Friday, July 27, 2012

Install Latest MATE in Ubuntu, Debian, Linux Mint

The MATE desktop environment is a fork of GNOME 2, bringing back full experience of classic/traditional desktop metaphor found in GNOME 2.x.

MATE desktop probably is the best choice especially for Linux users who can't get used to the mobile-device-centric desktop environment like GNOME Shell or Ubuntu Unity, and want to keep using the classic, simple yet highly customizable, GNOME 2 look and feel instead.

Since its first release in late last year, now MATE has been consider stable enough for everyday use, with its latest release that has reached 1.4 version today.

Below is the screenshot of MATE 1.4 running on top of Ubuntu 12.04 LTS Precise Pangolin, with some customization.

As someone asked in the comment below, I used zonColor GTK theme on the screenshot.


What's New in MATE 1.4

According to MATE's official wiki page, here are changes from previous release:
  • Fix remaining applications in Mate-Extra
    • mate-character-map ported
    • mate-disk-utility removed
    • mate-policy-kit removed
  • Fix mate-keyring
  • Add caja-dropbox package
  • Caja improvements
    • Restore toggle button for button and text-based location bar
    • Add the ability to open bookmarks in the places side pane via the enter and space keys
  • mate-notification-daemon
    • New themes: coco, nodoka
    • Fix big icons issue
  • Fix mate-indicator-applet (not all distros have the required dependencies)
    • Remove indicator-applet-session
  • Fork gnome-user-share (as mate-user-share)
  • Fork libwnck (as libmatewnck)
  • Remove evolution dependency from caja-sendto and create a generic email plugin
  • mate-media: remove unworking mate-sound-recorder
  • mate-screensaver: add GDM support for user switch
  • Add an option to marco to enable fast alt-tabbing when compositing is enabled
  • mate-icon-theme-faenza
  • Translations sync with transifex


Install MATE in Ubuntu, Debian

  1. Add APT Repository

    • For Ubuntu
      Run in Terminal:
      sudo add-apt-repository "deb `lsb_release -cs` main"
      The above command will add MATE repository into source.list. Your Ubuntu version codename will be detected and inserted into the command automatically.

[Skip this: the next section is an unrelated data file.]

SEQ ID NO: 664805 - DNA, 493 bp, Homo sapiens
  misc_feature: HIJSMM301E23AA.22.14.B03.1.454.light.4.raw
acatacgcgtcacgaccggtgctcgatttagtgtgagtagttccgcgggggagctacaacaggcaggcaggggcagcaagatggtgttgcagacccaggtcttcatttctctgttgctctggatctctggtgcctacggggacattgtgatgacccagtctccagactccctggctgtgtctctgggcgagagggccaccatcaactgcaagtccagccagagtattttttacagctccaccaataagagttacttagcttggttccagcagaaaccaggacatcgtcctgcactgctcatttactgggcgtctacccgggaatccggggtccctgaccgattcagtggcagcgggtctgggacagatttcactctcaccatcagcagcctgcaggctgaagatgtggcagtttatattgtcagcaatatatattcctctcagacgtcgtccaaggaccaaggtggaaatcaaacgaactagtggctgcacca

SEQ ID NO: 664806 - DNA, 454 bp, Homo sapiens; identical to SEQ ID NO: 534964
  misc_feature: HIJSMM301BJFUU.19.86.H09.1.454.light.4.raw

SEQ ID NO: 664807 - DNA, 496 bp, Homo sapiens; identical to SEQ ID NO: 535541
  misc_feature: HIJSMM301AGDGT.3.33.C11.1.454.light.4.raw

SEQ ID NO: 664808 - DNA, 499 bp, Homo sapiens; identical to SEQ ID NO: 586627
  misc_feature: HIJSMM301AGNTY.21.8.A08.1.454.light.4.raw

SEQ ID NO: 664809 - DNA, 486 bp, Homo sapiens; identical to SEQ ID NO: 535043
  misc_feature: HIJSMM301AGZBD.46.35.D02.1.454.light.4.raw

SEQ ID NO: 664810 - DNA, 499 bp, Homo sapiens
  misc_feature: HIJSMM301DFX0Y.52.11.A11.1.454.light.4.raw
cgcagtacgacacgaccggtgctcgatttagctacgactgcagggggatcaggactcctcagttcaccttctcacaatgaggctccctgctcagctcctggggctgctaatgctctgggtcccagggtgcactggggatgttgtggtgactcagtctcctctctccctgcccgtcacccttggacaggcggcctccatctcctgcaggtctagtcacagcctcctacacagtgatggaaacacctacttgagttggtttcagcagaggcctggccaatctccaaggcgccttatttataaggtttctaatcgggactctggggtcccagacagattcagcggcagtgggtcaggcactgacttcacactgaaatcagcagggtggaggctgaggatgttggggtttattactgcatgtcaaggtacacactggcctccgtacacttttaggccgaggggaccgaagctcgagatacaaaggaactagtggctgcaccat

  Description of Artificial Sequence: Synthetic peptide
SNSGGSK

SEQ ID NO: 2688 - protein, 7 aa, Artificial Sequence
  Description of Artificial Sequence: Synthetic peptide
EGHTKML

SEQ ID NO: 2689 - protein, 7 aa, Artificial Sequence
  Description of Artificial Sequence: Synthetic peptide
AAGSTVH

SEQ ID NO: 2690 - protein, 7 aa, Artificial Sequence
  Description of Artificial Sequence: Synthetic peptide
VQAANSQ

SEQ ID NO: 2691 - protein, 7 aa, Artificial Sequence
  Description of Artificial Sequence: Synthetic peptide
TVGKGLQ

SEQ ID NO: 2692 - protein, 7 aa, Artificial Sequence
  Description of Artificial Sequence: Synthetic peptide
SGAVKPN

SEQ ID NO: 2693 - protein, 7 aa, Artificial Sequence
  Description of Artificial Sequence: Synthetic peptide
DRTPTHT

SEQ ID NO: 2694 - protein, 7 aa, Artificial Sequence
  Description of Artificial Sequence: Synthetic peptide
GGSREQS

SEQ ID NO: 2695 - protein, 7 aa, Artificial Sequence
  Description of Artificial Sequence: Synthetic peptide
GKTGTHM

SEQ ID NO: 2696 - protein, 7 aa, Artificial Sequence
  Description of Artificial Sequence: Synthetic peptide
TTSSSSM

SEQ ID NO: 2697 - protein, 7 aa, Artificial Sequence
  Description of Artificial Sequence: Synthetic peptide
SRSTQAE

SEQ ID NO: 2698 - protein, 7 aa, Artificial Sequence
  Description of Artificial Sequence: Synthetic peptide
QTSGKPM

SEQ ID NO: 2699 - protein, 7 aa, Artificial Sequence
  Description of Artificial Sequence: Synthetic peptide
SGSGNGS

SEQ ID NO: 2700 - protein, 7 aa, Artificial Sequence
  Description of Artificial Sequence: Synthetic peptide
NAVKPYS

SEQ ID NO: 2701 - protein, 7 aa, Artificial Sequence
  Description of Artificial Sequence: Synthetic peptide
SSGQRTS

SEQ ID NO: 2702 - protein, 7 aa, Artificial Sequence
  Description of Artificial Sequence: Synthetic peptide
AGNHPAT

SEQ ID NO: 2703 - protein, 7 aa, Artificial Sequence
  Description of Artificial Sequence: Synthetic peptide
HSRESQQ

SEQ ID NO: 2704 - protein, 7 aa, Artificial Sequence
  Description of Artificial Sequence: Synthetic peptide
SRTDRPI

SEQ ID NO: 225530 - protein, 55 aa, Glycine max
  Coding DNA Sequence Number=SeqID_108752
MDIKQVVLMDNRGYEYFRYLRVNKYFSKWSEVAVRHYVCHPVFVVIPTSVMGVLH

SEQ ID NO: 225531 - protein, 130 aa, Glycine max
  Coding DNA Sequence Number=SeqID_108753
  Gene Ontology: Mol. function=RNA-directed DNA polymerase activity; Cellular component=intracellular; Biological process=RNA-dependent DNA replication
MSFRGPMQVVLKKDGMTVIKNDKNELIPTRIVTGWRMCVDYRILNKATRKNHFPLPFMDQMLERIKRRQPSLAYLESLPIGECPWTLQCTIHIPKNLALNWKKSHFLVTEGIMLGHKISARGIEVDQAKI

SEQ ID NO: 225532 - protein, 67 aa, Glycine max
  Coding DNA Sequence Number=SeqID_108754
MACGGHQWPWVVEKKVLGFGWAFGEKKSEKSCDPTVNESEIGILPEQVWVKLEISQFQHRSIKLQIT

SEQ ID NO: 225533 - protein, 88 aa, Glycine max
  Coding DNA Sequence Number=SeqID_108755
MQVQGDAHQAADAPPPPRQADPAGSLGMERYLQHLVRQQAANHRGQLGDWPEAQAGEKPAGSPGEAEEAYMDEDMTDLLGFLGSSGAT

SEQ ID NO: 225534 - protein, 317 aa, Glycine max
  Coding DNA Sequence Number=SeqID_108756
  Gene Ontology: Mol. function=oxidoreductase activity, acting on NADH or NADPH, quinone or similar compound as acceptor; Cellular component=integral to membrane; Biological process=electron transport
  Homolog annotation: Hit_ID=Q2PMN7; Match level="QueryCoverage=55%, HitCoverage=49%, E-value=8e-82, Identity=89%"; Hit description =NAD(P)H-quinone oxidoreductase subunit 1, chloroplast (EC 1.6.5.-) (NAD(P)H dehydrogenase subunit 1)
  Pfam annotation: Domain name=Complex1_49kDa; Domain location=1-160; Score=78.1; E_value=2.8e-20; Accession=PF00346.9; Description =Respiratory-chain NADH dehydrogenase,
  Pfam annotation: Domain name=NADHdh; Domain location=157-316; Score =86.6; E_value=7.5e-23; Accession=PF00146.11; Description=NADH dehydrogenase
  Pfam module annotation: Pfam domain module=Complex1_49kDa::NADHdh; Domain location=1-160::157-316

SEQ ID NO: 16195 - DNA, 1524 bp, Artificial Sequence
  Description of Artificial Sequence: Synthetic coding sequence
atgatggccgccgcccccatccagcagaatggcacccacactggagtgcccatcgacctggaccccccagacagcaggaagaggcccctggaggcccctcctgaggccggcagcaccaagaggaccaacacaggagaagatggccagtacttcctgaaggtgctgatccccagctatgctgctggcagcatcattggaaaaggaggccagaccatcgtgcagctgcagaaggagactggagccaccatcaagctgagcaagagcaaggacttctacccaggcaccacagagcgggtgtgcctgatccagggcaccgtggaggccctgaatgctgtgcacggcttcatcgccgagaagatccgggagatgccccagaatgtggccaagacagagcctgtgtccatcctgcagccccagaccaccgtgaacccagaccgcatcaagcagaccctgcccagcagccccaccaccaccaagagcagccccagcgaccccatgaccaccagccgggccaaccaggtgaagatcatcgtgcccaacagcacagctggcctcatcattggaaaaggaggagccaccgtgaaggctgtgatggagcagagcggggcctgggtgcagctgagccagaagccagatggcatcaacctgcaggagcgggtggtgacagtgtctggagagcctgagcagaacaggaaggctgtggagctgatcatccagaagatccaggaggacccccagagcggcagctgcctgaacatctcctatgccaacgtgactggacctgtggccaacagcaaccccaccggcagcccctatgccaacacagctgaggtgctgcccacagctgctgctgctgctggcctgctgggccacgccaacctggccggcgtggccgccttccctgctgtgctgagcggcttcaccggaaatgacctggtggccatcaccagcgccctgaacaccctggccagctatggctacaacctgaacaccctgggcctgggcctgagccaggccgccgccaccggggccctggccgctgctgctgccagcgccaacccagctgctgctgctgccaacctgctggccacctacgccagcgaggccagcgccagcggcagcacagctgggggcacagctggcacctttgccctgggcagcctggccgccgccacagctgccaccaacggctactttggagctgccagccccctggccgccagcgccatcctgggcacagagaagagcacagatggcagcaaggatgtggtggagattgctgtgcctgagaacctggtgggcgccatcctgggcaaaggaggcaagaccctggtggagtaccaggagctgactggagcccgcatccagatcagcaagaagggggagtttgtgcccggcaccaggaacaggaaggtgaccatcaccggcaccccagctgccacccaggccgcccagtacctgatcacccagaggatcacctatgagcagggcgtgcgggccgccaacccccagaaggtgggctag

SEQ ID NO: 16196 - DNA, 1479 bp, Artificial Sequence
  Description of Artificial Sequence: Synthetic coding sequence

Alternatively, you can use the following command but first you need to replace [CODENAME] with your Ubuntu codename (e.g.: oneiric, precise, or quantal) manually before executing it:
      sudo add-apt-repository "deb [CODENAME] main"

    • For Debian Sid/Wheezy
      Run in Terminal:
      echo "deb wheezy main" | sudo tee -a /etc/apt/sources.list.d/mate.list
  2. Install MATE Keyring

    Run in Terminal:
    sudo apt-get update
    sudo apt-get install mate-archive-keyring
    sudo apt-get update
  3. Install MATE packages

    Choose one of these:
    • Install base packages only
      Run in Terminal:
      sudo apt-get install mate-core

    • Install more (complete) packages
      Run in Terminal:
      sudo apt-get install mate-desktop-environment

For Linux Mint users, Linux Mint 13 Maya already has MATE in its official repository. You can install MATE using Software Manager or Synaptic. Or better yet, download Linux Mint 13 Maya MATE Edition iso image from Linux Mint website.

For other Linux distros, see this MATE installation page.


MATE Issue: QT Apps Ignoring GTK Style/Theme

Up until now, there is still an issue (bug?) with QT applications (e.g. Clementine, VLC) running in MATE session: they use native/generic QT style instead of GTK style/theme, so that they don't integrate nicely with MATE desktop environment.

Here's how to solve this issue:
  1. Install qt4-qtconfig package in Ubuntu/Debian by using Synaptic or Software Center, or by installing it via Terminal:
    sudo apt-get install qt4-qtconfig
  2. Then search and run the QT 4 Settings application you just installed (System => Preferences => QT 4 Settings) ==> set GUI style to GTK+ ==> save the change.

Done. Now your QT apps should follow your chosen GTK theme.


PS: Still, sorry for my English :)
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